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Vodafone in advanced talks to sell Italian arm in £6.8bn deal

Mobile phone giant Vodafone has confirmed talks to sell its Italian business to Switzerland’s Swisscom in a deal worth 8 billion euros (£6.8 billion).

The pair said they are in advanced exclusive discussions, with the proposed agreed price on a cash basis and including debts, although the full terms of the deal are yet to be finalised.

Vodafone said: “Vodafone has engaged extensively with several parties to explore market consolidation in Italy and believes this potential transaction delivers the best combination of value creation, upfront cash proceeds and transaction certainty for Vodafone shareholders.”

It comes after FTSE 100-listed Vodafone rebuffed attempts by France’s Iliad to merge the two firms’ Italian businesses, which would have created the country’s biggest mobile phone company.

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Vodafone and Iliad had revealed the talks in December last year.

The Iliad proposal valued Vodafone Italy at 10.45 billion euros (£8.9 billion), and Iliad Italy at 4.45 billion euros (£3.8 billion)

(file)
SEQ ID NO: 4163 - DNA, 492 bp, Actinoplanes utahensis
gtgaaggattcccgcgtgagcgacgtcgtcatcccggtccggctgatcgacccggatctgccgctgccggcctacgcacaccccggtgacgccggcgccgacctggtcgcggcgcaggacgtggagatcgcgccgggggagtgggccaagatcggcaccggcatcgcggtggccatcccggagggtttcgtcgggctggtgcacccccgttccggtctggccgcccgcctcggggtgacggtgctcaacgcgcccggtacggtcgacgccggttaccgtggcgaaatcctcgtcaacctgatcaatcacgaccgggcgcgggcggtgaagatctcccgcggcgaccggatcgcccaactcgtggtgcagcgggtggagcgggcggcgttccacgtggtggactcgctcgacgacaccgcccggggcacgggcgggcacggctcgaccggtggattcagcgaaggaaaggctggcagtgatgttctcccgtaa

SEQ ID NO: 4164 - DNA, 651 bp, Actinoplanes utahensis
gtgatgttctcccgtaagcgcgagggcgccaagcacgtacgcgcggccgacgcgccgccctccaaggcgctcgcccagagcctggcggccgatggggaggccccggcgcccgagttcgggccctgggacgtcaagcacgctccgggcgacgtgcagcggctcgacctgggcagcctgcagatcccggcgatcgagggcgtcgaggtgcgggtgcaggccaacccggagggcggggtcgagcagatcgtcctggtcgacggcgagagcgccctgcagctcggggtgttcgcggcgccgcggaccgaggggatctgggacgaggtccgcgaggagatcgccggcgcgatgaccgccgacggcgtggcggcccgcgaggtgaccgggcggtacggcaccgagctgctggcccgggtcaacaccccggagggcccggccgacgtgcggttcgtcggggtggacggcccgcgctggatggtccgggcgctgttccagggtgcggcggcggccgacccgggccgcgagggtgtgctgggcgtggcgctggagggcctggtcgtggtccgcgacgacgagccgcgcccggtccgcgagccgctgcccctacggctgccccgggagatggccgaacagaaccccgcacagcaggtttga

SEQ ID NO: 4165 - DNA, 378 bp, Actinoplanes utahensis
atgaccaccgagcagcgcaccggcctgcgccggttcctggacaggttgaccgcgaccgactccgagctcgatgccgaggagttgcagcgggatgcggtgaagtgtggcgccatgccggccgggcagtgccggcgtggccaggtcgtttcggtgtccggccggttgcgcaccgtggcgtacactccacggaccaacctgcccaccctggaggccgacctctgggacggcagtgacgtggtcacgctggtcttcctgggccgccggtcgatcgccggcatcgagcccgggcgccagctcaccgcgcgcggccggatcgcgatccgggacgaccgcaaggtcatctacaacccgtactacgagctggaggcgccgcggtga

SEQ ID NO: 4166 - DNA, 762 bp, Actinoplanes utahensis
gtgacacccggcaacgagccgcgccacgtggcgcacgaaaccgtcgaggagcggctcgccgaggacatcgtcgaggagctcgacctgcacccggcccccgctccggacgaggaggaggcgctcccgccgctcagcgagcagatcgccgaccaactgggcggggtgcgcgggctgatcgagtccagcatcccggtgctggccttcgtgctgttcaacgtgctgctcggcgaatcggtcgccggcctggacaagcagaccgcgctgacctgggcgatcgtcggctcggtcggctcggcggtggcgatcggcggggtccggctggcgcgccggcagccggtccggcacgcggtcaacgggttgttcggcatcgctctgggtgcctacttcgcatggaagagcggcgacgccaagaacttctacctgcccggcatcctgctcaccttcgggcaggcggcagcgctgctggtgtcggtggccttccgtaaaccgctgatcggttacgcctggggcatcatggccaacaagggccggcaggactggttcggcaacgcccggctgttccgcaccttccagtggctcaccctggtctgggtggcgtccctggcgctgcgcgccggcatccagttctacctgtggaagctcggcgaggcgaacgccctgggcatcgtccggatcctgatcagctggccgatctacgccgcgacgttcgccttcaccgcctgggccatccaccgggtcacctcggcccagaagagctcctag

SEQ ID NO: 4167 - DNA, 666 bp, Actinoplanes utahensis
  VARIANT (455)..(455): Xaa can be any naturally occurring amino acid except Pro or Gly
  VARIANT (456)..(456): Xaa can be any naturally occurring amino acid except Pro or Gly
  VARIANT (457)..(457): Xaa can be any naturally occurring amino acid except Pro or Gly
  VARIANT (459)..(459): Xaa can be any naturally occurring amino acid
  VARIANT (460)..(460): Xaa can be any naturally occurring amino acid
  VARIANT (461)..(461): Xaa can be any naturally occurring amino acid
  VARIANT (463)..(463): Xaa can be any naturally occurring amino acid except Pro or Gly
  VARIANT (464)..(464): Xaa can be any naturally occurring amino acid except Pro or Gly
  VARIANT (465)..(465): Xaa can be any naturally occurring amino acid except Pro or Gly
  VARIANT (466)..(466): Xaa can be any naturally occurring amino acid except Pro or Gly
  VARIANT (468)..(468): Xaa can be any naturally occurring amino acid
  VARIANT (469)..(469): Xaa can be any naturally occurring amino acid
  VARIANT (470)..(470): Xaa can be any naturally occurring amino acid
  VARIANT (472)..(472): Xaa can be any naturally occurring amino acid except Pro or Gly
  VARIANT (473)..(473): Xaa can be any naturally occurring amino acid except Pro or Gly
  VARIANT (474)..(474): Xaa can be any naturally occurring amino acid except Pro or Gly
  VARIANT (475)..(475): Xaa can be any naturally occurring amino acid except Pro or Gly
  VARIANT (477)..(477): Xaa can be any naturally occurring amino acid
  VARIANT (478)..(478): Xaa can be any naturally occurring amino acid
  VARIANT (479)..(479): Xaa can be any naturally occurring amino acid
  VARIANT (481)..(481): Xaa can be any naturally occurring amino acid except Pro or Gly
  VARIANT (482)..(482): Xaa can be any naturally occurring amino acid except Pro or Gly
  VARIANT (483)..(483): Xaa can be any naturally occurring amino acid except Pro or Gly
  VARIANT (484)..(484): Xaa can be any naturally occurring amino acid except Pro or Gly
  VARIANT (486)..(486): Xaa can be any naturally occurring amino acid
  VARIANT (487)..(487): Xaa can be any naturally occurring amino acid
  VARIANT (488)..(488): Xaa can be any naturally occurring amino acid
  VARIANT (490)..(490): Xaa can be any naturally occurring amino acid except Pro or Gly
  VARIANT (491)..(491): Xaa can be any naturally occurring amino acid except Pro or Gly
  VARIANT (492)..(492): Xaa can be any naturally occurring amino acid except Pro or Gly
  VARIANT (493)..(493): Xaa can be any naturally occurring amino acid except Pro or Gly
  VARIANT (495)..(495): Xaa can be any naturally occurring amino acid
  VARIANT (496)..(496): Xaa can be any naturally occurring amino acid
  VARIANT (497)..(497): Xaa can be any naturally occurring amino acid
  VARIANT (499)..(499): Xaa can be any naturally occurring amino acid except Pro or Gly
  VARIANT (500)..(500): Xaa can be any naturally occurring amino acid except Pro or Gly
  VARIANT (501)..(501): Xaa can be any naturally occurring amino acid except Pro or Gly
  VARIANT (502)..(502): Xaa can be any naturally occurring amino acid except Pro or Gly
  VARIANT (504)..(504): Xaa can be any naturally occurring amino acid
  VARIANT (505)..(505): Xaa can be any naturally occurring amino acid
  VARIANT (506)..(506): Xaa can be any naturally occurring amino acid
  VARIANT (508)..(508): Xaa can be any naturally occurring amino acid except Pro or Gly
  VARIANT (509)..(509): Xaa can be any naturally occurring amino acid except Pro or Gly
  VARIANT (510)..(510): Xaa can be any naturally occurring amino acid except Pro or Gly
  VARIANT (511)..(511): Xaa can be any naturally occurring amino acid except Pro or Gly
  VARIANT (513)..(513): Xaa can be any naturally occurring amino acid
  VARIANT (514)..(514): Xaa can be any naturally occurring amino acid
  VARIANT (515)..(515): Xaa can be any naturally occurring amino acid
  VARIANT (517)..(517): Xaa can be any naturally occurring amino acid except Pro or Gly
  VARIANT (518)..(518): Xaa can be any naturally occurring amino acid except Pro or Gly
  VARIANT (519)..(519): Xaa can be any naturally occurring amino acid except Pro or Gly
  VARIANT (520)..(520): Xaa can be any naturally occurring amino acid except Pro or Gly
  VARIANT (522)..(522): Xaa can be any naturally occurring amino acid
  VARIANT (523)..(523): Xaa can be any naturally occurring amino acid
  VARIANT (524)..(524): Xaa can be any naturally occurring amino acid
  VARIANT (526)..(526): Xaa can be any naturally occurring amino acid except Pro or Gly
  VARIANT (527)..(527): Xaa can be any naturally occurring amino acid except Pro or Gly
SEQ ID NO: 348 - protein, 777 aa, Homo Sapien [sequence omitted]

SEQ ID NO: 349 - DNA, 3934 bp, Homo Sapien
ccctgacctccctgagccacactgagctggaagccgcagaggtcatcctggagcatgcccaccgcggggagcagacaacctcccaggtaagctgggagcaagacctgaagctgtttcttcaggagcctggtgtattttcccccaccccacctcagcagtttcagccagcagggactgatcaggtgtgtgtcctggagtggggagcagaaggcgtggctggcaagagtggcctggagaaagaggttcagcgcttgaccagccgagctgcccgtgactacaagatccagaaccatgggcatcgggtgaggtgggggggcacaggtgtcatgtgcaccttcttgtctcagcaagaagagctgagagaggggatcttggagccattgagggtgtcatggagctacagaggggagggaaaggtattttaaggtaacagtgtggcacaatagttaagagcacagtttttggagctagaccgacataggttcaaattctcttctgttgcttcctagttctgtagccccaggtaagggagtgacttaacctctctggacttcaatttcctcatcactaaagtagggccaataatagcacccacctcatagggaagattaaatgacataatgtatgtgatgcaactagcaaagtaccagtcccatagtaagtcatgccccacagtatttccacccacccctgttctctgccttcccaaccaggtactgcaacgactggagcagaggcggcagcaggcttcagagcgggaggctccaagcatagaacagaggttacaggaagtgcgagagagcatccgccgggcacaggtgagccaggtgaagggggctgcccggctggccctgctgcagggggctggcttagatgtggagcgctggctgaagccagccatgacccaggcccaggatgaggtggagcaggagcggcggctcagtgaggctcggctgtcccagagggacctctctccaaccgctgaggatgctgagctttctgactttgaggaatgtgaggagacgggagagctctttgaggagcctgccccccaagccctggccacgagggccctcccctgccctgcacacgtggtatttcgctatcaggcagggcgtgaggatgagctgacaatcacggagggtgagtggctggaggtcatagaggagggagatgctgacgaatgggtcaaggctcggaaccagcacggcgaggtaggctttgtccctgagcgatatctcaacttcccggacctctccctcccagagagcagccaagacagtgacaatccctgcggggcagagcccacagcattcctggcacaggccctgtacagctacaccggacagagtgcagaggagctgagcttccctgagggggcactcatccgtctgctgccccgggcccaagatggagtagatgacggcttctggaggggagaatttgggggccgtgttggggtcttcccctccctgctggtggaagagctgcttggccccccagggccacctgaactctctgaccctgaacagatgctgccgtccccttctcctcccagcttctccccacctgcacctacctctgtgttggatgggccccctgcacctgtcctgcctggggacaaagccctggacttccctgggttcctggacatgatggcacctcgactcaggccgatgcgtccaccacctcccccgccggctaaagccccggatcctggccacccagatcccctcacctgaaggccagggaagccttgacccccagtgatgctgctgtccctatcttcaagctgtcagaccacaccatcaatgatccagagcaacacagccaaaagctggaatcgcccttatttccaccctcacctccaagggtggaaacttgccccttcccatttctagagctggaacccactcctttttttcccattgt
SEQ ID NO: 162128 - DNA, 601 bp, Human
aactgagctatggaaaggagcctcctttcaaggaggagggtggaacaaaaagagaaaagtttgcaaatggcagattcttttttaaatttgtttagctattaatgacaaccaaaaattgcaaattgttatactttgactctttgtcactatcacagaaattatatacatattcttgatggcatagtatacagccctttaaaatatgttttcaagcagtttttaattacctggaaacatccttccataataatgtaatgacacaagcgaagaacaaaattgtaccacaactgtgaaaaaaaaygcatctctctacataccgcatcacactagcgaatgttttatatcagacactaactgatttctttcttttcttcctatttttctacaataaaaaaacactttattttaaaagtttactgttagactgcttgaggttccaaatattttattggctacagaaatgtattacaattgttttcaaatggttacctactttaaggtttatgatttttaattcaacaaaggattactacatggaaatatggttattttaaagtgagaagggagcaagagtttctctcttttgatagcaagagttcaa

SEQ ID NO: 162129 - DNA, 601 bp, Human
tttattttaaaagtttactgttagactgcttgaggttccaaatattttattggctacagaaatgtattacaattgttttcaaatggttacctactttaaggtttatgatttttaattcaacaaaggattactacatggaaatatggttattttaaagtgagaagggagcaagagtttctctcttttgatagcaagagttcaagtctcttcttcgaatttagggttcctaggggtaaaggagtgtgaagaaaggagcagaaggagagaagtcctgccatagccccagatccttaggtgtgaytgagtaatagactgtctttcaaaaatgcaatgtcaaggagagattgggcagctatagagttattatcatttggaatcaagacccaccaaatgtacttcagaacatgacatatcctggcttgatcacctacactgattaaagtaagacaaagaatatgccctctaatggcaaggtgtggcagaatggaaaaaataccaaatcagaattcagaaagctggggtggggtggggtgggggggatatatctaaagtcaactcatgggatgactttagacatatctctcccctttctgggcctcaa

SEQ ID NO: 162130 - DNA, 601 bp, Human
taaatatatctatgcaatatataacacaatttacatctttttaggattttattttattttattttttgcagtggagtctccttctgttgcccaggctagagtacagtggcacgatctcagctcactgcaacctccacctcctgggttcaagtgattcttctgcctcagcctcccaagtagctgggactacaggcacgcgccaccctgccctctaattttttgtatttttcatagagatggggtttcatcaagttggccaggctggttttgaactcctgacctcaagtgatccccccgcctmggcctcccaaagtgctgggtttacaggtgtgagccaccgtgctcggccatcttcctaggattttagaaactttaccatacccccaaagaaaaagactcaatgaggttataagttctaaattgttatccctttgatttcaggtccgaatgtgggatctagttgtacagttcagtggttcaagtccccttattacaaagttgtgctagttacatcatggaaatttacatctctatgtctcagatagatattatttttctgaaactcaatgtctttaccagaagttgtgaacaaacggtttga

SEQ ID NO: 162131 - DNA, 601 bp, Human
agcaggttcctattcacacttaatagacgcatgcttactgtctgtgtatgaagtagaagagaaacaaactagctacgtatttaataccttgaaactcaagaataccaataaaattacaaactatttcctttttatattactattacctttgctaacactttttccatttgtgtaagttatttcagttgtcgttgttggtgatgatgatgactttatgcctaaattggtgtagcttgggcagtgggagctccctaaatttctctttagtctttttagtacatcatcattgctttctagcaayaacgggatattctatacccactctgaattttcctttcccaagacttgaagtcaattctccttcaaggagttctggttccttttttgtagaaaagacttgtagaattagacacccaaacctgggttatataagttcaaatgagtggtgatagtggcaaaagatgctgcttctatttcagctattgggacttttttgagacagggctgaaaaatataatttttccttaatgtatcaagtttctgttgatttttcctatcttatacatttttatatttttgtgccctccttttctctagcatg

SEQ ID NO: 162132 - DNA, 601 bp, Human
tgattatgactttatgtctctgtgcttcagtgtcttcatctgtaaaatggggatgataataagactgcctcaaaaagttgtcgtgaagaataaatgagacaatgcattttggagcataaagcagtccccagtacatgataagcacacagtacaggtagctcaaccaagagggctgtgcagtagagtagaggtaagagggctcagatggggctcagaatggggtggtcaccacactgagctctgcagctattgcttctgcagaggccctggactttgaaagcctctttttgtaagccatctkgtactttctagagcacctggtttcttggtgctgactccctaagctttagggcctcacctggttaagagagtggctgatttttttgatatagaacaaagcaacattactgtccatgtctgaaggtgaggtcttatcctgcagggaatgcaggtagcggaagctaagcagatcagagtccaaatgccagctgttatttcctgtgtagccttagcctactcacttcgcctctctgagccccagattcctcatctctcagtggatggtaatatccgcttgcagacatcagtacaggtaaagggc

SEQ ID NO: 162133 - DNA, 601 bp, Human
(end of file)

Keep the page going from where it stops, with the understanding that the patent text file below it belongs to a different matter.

Vodafone would have gained half of the share capital of the combined group, as well as a 6.5 billion euro (£5.6 billion) cash payment and a 2 billion euro (£1.7 billion) shareholder loan.

Swisscom said it plans to merge Vodafone Italia with its business in the country, called Fastweb.

Swisscom said: “The planned merger of Vodafone Italia and Fastweb would bring together complementary high-quality mobile and fixed infrastructures, competencies, and capabilities to create a leading converged challenger.

“The increased scale, more efficient cost structure and significant synergy potential would enable the combined entity to unlock value for all stakeholders.”

Vodafone has been looking to free up cash and improve its financial performance by selling off parts of the business, including its Spanish arm, having previously struck deals to sell its Hungarian and Ghanaian divisions.

It is also merging its UK business with Three UK to create Britain’s biggest mobile phone network worth £15 billion.

The proposed merger of the networks is set to be formally investigated by the UK’s competition regulator over concerns it could substantially reduce options for mobile customers, but Vodafone is hoping to complete the tie-up by the end of the year.

It is also planning to cut about 11,000 jobs over three years as part of efforts to simplify the global business, which could affect markets worldwide. About a third of the role reductions had already been completed by January this year.

In a recent trading update for the final three months of 2023, Vodafone said total worldwide revenues grew by 4.2% year-on-year on an organic basis – the firm’s preferred sales measure. However, reported sales dipped by 2.3%.

In the UK, service revenue increased by 5.2%, but it was a less positive picture for Vodafone’s biggest market, Germany, where service revenue crept up by just 0.3%.